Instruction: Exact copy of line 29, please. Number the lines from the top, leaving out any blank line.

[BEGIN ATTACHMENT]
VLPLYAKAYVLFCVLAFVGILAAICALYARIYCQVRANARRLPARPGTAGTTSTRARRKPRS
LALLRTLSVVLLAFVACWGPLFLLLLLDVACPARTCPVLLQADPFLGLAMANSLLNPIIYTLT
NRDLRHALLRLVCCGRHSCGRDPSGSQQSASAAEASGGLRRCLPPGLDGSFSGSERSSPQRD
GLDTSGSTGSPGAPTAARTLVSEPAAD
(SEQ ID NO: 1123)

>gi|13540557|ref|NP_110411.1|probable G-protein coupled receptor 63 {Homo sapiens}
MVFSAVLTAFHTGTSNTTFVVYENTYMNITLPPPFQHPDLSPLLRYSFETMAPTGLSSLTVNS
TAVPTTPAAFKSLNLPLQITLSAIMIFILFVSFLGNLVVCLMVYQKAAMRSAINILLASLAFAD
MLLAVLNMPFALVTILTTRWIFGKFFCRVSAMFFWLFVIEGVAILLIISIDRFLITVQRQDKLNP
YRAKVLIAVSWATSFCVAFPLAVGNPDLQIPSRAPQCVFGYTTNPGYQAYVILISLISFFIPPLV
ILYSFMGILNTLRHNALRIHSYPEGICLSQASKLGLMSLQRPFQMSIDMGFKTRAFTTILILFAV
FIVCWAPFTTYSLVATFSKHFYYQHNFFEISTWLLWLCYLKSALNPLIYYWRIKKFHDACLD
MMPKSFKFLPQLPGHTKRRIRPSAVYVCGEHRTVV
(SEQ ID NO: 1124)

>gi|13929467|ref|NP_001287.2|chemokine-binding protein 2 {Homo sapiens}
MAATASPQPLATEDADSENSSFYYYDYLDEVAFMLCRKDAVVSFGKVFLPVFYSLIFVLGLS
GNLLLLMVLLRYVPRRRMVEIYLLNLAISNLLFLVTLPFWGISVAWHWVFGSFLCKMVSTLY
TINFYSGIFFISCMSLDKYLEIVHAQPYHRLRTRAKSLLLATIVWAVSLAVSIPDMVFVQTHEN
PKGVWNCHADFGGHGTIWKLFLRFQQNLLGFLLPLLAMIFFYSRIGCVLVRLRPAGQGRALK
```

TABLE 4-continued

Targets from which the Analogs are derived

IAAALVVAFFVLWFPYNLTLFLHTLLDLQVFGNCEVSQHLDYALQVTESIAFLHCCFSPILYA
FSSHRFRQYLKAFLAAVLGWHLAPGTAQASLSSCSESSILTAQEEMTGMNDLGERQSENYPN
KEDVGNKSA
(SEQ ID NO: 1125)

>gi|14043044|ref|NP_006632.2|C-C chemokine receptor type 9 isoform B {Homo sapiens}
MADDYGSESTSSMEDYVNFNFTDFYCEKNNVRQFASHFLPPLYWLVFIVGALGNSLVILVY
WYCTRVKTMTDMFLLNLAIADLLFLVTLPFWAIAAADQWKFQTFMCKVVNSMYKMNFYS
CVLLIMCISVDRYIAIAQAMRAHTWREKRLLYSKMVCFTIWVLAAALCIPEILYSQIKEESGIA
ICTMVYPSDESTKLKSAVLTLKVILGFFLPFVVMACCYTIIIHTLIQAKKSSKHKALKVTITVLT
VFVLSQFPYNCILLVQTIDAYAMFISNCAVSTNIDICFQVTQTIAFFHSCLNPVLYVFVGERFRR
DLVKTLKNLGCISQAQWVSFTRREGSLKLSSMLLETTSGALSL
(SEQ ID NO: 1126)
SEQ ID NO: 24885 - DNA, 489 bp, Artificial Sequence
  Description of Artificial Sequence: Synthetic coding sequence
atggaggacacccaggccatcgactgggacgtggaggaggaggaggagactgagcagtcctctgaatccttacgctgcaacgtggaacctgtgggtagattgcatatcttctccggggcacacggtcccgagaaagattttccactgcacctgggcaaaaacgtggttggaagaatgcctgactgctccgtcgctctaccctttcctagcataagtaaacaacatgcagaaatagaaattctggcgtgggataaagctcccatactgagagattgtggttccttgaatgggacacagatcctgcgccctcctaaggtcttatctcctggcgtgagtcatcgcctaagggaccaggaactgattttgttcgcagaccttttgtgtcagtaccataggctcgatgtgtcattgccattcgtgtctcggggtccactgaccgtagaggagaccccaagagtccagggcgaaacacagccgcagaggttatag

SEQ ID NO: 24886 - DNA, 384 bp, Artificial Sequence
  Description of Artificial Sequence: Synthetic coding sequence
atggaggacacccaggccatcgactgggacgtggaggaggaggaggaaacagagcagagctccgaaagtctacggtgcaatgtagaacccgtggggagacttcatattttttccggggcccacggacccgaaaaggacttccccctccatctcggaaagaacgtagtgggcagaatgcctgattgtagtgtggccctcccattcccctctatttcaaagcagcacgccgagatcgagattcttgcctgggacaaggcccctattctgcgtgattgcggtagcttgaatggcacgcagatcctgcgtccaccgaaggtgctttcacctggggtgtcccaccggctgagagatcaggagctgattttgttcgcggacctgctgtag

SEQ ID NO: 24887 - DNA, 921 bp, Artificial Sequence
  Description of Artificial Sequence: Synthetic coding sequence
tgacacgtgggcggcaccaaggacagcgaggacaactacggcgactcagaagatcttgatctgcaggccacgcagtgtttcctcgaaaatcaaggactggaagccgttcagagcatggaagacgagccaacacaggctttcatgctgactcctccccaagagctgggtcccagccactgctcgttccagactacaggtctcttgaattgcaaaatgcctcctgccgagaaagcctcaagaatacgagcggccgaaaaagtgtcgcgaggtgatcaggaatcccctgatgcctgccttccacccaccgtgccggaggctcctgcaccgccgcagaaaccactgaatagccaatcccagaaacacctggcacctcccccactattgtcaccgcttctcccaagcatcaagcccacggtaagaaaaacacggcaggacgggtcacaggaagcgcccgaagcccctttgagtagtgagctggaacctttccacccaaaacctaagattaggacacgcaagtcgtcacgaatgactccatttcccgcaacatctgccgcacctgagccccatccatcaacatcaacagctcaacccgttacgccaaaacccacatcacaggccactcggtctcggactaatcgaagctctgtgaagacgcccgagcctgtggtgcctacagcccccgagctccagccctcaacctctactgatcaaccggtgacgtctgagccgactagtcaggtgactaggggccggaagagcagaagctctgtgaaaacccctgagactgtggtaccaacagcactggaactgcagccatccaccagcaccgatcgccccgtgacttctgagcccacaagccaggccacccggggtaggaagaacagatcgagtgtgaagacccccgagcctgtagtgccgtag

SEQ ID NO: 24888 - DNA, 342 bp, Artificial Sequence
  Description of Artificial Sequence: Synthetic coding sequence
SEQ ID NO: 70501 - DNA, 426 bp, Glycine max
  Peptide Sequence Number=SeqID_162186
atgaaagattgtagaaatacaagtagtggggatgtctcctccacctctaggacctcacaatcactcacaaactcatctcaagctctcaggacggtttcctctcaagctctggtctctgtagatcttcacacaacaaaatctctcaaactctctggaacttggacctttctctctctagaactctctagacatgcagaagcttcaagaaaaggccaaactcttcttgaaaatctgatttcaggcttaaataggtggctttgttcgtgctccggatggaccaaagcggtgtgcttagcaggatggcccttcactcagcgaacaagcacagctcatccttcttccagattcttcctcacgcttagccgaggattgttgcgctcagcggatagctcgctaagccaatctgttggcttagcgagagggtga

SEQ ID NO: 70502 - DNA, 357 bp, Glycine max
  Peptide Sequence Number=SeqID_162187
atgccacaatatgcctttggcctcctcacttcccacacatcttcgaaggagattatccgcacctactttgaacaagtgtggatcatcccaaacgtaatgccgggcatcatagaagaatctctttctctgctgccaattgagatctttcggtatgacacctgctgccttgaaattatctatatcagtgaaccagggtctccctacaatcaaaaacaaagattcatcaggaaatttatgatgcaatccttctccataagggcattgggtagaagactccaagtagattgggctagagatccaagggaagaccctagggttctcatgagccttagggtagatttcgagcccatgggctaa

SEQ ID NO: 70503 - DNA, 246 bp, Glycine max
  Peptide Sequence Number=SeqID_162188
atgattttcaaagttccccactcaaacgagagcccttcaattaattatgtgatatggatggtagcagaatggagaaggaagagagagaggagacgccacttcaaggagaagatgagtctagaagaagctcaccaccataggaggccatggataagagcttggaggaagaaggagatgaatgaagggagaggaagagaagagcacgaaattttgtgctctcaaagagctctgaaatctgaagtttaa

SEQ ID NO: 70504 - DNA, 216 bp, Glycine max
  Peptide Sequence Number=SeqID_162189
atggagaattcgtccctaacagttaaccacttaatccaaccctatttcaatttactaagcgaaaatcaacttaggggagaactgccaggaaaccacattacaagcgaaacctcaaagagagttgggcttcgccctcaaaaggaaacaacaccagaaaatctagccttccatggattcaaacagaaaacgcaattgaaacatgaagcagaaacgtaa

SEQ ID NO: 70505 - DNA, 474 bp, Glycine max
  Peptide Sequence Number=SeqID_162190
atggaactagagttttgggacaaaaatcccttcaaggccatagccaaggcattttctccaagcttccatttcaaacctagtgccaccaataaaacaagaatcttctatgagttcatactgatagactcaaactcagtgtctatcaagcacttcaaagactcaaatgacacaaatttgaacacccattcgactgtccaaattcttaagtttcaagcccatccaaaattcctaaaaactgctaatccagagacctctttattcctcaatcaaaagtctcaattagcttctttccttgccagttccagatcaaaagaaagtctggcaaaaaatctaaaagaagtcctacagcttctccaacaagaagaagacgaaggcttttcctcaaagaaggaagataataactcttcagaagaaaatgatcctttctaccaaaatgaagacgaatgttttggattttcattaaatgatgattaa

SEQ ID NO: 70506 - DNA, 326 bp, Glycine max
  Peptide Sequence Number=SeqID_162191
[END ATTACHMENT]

WYCTRVKTMTDMFLLNLAIADLLFLVTLPFWAIAAADQWKFQTFMCKVVNSMYKMNFYS